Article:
Preprints
https://doi.org/10.5194/egusphere-2024-543
https://doi.org/10.5194/egusphere-2024-543
13 Mar 2024
 | 13 Mar 2024
Status: this preprint is open for discussion.

The (non)effect of personalization in climate texts on credibility of climate scientists

Anna Leerink, Mark Bos, Daan Reijnders, and Erik van Sebille

Abstract. How we communicate about climate change affects how others think, feel and act. Therefore, the way climate scientists formulate messages is important. In this study, we assess the effect of personalization, operationalized as writing in a conversational style, as previously done by Ginns and Fraser (2010), and perceived credibility of climate scientists. We exposed hundred participants aged between 18 and 35 to three conditions of a text on the climate impact of train versus plane travel, with varying degree of personalization, and assessed the outcome in their attitude (specifically interest and opinion) towards sustainable travel, as well as the perceived credibility of the climate scientist who wrote the text. Results show that there is a small effect in the degree of happiness after reading the different texts, but little other effects. Our main conclusion is that, although personalization may be well received by readers, it may not be the best mode to influence the attitudes of readers towards sustainable travel, nor how readers come to perceive climate scientists' credibility.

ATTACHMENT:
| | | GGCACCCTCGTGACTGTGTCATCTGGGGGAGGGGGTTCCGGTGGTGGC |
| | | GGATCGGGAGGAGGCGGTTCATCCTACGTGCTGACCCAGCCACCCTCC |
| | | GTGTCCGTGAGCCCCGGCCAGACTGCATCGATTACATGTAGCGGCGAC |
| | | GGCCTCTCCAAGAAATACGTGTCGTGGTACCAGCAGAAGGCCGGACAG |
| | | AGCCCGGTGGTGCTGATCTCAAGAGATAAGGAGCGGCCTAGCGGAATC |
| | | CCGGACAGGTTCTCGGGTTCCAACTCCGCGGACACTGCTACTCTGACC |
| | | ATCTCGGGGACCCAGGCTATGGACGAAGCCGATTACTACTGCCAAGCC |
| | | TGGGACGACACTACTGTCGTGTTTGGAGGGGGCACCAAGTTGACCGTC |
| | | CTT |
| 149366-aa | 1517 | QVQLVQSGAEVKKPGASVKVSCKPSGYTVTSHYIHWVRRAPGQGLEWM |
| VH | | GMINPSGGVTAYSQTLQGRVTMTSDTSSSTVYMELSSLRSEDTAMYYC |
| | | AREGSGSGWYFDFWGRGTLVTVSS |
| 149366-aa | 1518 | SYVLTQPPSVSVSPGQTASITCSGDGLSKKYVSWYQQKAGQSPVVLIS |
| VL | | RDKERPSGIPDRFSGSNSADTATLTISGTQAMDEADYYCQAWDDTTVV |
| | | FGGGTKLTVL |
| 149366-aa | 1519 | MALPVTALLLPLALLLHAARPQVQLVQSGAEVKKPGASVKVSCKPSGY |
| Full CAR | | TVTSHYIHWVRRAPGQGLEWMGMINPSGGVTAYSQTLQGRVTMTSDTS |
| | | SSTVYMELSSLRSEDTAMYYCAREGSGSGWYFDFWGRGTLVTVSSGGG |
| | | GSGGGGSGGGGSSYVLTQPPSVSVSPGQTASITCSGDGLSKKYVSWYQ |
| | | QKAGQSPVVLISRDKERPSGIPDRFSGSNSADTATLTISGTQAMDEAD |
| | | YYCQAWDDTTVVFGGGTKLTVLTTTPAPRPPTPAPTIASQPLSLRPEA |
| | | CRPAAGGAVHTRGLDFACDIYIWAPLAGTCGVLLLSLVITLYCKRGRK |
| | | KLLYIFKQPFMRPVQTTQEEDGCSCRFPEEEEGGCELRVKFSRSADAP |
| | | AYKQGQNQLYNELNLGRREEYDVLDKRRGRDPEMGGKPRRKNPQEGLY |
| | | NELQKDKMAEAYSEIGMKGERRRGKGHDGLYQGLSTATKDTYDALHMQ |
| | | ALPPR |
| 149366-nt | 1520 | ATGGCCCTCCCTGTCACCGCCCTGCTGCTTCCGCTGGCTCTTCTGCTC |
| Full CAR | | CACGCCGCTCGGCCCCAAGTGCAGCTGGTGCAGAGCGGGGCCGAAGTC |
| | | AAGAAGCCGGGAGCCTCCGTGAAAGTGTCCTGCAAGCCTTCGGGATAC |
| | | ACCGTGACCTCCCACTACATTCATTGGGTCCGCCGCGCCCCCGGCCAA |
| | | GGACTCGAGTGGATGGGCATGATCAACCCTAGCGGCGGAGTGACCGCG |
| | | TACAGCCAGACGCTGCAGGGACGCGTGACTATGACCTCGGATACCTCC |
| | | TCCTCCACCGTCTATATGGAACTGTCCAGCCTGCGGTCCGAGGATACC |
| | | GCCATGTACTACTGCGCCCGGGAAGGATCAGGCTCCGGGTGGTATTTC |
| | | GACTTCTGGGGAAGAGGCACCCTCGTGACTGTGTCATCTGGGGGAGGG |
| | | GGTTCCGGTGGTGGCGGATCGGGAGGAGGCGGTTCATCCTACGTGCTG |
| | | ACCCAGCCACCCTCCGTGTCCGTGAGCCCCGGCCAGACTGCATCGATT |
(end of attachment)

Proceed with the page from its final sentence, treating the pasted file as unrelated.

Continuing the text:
Anna Leerink, Mark Bos, Daan Reijnders, and Erik van Sebille

Status: open (until 12 May 2024)

Comment types: AC – author | RC – referee | CC – community | EC – editor | CEC – chief editor | : Report abuse
Anna Leerink, Mark Bos, Daan Reijnders, and Erik van Sebille

Interactive computing environment

Python notebook with analysis and plotting code Erik van Sebille https://github.com/erikvansebille/KH_personalization_effect/blob/main/analyse_KH_data.ipynb

Anna Leerink, Mark Bos, Daan Reijnders, and Erik van Sebille

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Short summary
Climate scientists who communicate to a broad audience may be reluctant to write in a more personal style, because they assume that it hurts their credibility. To test this assumption, we asked 100 Dutch people to rate the credibility of a climate scientist. We varied how the author of the article addressed the reader, and found that the degree of personalisation did not have a measurable impact on the credibility of the author. So we conclude that personalisation may not hurt credibility.